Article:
Majid's Blog about Swift development

Reusing SwiftUI views across Apple platforms

This week we will talk about reusing SwiftUI views between Apple platforms. We will learn how to run the same views both on iOS, watchOS and macOS without any changes. To make it possible, all we need is an understanding of the view decomposition principle.

One of the slogans of SwiftUI during WWDC this year was “Learn one time, use anywhere”. SwiftUI is a declarative framework for building User Interfaces on Apple platforms. But what does mean the word declarative? It means that you describe what you want to achieve, and the framework does all the needed work for you. Depending on the platform, SwiftUI can render content differently.

napbot-screenshot

Last month I had released my NapBot app, which I wrote entirely in SwiftUI. What I really love in this app is the how easy I was able to share my views between iOS and watchOS apps. I was able to run my app on watchOS just in a few minutes by adding a couple of small target checks.

Let’s take a look at a calendar day details screen. It uses a list component as the root view. Inside the list, we have a chart and a bunch of sections with text data. We already talked about creating a bar chart in “Building BarChart with Shape API in SwiftUI” post, check that post if you want to learn more about Shapes API.

#if macro

This screen also has a picker component with the SegmentedPicker style, which allows changing the data represented in the chart. Unfortunately, watchOS doesn’t support SegmentedPicker style. That’s why I decide to remove it from the watchOS app but keep it in the iOS app. We can conditionally include or exclude code by using #if macro in SwiftUI. Let’s take a look at the source code of my SleepDetailsView.

    @State private var chart: Chart = .sleepPhases

    private var chartSection: some View {
        VStack {
            #if os(iOS)
            Picker(selection: $chart, label: Text("chartType")) {
                Text("phases").tag(Chart.sleepPhases)
                Text("heartRate").tag(Chart.heartRate)
            }
            .pickerStyle(SegmentedPickerStyle())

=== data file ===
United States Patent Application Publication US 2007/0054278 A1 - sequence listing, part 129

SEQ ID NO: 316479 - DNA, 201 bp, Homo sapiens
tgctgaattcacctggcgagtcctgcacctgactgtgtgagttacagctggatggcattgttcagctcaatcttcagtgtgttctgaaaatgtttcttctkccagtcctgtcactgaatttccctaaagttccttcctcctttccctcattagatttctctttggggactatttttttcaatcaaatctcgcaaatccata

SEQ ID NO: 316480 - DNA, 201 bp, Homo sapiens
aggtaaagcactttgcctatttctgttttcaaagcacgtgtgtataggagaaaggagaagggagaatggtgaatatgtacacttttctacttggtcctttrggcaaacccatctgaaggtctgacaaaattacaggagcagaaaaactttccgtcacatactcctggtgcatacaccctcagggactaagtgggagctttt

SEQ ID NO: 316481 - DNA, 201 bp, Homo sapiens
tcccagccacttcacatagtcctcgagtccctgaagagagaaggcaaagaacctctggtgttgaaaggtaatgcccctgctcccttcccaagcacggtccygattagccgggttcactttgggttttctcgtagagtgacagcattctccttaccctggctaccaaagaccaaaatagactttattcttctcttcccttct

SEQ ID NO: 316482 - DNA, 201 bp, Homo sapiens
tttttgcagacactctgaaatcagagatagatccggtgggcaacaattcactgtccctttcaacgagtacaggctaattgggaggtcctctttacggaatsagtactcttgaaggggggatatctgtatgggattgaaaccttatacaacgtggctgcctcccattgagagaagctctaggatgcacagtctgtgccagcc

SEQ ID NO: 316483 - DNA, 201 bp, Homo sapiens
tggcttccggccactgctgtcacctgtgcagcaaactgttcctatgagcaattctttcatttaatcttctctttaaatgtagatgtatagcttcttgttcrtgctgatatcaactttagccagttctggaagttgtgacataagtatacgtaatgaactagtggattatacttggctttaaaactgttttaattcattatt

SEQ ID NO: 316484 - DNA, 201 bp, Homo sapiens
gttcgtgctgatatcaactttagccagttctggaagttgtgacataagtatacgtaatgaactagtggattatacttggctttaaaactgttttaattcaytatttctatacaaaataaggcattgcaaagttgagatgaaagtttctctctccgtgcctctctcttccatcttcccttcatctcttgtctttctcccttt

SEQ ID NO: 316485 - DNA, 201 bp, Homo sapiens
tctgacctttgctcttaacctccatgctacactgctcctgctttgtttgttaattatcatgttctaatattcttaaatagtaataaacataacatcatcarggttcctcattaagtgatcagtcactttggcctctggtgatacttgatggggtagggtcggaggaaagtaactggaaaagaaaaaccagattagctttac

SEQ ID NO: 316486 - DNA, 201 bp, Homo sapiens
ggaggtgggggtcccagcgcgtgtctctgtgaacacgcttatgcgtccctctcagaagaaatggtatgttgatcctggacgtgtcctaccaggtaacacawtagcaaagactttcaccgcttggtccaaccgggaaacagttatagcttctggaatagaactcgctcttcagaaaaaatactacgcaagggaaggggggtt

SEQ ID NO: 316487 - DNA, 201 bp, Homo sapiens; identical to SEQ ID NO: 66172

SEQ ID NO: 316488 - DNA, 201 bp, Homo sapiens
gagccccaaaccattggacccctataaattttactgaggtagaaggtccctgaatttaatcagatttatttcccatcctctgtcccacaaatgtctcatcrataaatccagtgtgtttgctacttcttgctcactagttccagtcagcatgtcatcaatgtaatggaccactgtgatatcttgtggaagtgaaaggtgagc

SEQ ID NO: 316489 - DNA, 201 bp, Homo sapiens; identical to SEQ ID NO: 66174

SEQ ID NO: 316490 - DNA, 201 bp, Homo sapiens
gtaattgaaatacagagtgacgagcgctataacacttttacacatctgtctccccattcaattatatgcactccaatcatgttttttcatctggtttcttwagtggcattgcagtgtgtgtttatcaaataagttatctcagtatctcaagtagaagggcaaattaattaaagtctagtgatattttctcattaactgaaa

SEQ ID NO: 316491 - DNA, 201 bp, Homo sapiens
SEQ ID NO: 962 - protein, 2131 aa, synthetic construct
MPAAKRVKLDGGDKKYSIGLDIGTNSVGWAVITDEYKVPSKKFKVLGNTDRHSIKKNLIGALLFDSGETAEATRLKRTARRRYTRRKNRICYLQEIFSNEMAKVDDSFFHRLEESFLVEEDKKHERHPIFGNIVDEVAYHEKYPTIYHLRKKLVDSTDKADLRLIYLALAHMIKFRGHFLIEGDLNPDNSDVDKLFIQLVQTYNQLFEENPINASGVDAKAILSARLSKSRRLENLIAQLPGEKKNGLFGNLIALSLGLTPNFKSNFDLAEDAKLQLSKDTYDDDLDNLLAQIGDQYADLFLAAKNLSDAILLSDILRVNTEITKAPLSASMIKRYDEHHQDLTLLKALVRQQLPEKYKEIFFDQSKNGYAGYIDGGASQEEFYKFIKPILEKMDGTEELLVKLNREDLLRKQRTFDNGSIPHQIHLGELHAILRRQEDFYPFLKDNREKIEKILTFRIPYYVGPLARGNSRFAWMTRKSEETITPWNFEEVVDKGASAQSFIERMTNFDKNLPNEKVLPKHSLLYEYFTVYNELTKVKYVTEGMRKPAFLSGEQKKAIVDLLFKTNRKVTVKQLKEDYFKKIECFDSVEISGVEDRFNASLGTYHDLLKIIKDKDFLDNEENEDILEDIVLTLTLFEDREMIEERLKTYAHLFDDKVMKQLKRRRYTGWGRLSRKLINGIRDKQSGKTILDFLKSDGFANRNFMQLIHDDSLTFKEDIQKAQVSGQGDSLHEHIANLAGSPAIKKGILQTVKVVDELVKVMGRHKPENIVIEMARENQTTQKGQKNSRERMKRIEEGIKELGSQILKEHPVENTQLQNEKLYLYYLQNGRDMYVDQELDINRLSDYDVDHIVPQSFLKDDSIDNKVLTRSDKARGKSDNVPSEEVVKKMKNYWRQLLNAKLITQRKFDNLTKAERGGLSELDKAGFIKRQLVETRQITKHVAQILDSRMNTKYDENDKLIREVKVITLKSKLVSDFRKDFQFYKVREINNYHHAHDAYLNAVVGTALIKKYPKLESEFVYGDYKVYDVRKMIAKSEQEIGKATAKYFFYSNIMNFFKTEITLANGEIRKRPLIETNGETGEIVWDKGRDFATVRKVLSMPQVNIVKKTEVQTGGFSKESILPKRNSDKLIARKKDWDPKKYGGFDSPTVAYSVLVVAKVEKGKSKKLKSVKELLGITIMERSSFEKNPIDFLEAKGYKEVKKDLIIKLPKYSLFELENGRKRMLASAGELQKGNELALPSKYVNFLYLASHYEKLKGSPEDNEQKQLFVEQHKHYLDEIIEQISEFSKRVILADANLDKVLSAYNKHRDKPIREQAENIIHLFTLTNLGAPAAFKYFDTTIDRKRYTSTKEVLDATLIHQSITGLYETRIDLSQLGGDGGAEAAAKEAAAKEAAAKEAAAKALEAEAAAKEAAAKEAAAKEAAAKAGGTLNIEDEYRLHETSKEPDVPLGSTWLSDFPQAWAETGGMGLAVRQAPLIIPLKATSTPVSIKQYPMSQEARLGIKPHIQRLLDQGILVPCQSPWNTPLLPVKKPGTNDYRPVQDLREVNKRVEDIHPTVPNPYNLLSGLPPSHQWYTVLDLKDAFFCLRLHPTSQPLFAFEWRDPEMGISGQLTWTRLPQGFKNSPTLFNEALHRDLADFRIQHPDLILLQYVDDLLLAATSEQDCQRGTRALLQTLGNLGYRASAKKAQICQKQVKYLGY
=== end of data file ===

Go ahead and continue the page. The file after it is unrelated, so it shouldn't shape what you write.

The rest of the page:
.labelsHidden()
            #endif

            BarChartView(bars: bars, labelsCount: 5)
                .frame(height: 280)
                .animation(.spring())
        }
    }

As you can see in the example above, we keep the picker component in the view hierarchy only when we build it for iOS. Swift compiler will exclude these lines during the watch app build process.

Container views

Another problem while adopting the sleep details screen to watchOS was a NavigationBarItems. watchOS doesn’t have support for navigation bar items at all. Fortunately, I’m a huge fan of the Container Views concept, which allows us to get rid of this problem.

Container View is a view that handles the data flow and doesn’t render any User Interface itself. Instead, Container View fetches the data and passes it to a Rendering View. We already talked about Container Views a few times on my blog. Please check the “Introducing Container views in SwiftUI” post to learn more.

I have a SleepDetailsContainer and SleepDetailsView. SleepDetailsContainer controls the data flow and passes data to SleepDetailsView. SleepDetailsView simply renders the data. Here is the source code of these two views.

struct SleepDetailsContainer: View {
    @EnvironmentObject var store: SleepStore

    var body: some View {
        SleepDetailsView(sleep: store.sleep)
            .onAppear(perform: store.fetch)
            .navigationBarItems(trailing: EditButton())
    }
}

struct SleepDetailsView: View {
    let sleep: Sleep

    var body: some View {
        Form {
            chartSection
            durationSection
            phasesSection
            heartRateSection
            noiseSection
        }
    }
}

In this case, we have SleepDetailsView, which is fully compatible with watchOS. All we need is creating a new version of SleepDetailsContainer for watchOS, which doesn’t use navigation items. And here is the result.

napbot-watch-screenshot

Conclusion

Today we learned how to reuse SwiftUI views on all Apple platforms with the minimum amount of changes. Container Views concept is still one of my favorite patterns, which I use a lot while developing SwiftUI apps. I hope you enjoy the post. Feel free to follow me on Twitter and ask your questions related to this post. Thanks for reading, and see you next week!